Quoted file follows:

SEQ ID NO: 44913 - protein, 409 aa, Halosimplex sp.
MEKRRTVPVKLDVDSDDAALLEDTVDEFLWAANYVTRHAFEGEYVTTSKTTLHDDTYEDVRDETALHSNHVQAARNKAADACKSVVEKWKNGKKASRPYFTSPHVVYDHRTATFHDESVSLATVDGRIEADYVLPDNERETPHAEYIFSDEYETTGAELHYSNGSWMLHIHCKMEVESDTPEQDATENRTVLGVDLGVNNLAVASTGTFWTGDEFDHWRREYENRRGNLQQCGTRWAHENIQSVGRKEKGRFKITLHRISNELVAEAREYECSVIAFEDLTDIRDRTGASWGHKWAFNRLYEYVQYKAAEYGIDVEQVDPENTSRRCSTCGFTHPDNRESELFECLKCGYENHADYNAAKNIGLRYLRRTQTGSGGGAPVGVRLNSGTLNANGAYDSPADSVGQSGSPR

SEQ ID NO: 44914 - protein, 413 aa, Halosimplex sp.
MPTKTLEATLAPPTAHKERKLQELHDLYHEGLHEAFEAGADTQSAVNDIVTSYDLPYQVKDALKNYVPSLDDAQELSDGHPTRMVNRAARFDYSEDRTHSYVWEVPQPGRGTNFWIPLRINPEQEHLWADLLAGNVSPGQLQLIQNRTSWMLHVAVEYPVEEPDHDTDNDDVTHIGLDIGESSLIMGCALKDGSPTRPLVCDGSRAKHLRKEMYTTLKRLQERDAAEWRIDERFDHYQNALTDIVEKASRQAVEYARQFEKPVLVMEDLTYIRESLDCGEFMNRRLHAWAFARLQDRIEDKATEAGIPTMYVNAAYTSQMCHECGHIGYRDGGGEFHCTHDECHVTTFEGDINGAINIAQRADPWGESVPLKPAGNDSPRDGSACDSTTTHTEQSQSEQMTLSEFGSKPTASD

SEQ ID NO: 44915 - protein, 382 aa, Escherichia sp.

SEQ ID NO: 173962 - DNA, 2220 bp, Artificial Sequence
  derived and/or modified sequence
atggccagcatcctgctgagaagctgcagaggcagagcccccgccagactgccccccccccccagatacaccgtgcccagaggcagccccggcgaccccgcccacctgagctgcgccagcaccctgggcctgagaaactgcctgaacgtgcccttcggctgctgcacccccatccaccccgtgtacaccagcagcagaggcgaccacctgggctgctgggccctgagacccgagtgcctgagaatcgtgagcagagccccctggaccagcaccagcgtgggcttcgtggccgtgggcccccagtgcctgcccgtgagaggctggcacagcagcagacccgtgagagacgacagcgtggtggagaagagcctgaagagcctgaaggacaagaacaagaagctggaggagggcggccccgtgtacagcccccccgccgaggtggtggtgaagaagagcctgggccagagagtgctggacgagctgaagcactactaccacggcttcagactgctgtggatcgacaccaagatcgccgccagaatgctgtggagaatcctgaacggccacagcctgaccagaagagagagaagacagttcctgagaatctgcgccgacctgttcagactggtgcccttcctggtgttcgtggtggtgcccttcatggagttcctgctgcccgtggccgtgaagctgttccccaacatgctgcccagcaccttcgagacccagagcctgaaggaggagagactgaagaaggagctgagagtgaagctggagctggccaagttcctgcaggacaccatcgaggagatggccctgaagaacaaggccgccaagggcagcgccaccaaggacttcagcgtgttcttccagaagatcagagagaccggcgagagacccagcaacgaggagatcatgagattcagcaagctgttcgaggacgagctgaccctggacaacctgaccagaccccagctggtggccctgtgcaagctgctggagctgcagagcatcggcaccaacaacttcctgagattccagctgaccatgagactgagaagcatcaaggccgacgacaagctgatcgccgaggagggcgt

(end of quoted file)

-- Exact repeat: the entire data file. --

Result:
SEQ ID NO: 44913 - protein, 409 aa, Halosimplex sp.
MEKRRTVPVKLDVDSDDAALLEDTVDEFLWAANYVTRHAFEGEYVTTSKTTLHDDTYEDVRDETALHSNHVQAARNKAADACKSVVEKWKNGKKASRPYFTSPHVVYDHRTATFHDESVSLATVDGRIEADYVLPDNERETPHAEYIFSDEYETTGAELHYSNGSWMLHIHCKMEVESDTPEQDATENRTVLGVDLGVNNLAVASTGTFWTGDEFDHWRREYENRRGNLQQCGTRWAHENIQSVGRKEKGRFKITLHRISNELVAEAREYECSVIAFEDLTDIRDRTGASWGHKWAFNRLYEYVQYKAAEYGIDVEQVDPENTSRRCSTCGFTHPDNRESELFECLKCGYENHADYNAAKNIGLRYLRRTQTGSGGGAPVGVRLNSGTLNANGAYDSPADSVGQSGSPR

SEQ ID NO: 44914 - protein, 413 aa, Halosimplex sp.
MPTKTLEATLAPPTAHKERKLQELHDLYHEGLHEAFEAGADTQSAVNDIVTSYDLPYQVKDALKNYVPSLDDAQELSDGHPTRMVNRAARFDYSEDRTHSYVWEVPQPGRGTNFWIPLRINPEQEHLWADLLAGNVSPGQLQLIQNRTSWMLHVAVEYPVEEPDHDTDNDDVTHIGLDIGESSLIMGCALKDGSPTRPLVCDGSRAKHLRKEMYTTLKRLQERDAAEWRIDERFDHYQNALTDIVEKASRQAVEYARQFEKPVLVMEDLTYIRESLDCGEFMNRRLHAWAFARLQDRIEDKATEAGIPTMYVNAAYTSQMCHECGHIGYRDGGGEFHCTHDECHVTTFEGDINGAINIAQRADPWGESVPLKPAGNDSPRDGSACDSTTTHTEQSQSEQMTLSEFGSKPTASD

SEQ ID NO: 44915 - protein, 382 aa, Escherichia sp.

SEQ ID NO: 173962 - DNA, 2220 bp, Artificial Sequence
  derived and/or modified sequence
atggccagcatcctgctgagaagctgcagaggcagagcccccgccagactgccccccccccccagatacaccgtgcccagaggcagccccggcgaccccgcccacctgagctgcgccagcaccctgggcctgagaaactgcctgaacgtgcccttcggctgctgcacccccatccaccccgtgtacaccagcagcagaggcgaccacctgggctgctgggccctgagacccgagtgcctgagaatcgtgagcagagccccctggaccagcaccagcgtgggcttcgtggccgtgggcccccagtgcctgcccgtgagaggctggcacagcagcagacccgtgagagacgacagcgtggtggagaagagcctgaagagcctgaaggacaagaacaagaagctggaggagggcggccccgtgtacagcccccccgccgaggtggtggtgaagaagagcctgggccagagagtgctggacgagctgaagcactactaccacggcttcagactgctgtggatcgacaccaagatcgccgccagaatgctgtggagaatcctgaacggccacagcctgaccagaagagagagaagacagttcctgagaatctgcgccgacctgttcagactggtgcccttcctggtgttcgtggtggtgcccttcatggagttcctgctgcccgtggccgtgaagctgttccccaacatgctgcccagcaccttcgagacccagagcctgaaggaggagagactgaagaaggagctgagagtgaagctggagctggccaagttcctgcaggacaccatcgaggagatggccctgaagaacaaggccgccaagggcagcgccaccaaggacttcagcgtgttcttccagaagatcagagagaccggcgagagacccagcaacgaggagatcatgagattcagcaagctgttcgaggacgagctgaccctggacaacctgaccagaccccagctggtggccctgtgcaagctgctggagctgcagagcatcggcaccaacaacttcctgagattccagctgaccatgagactgagaagcatcaaggccgacgacaagctgatcgccgaggagggcgt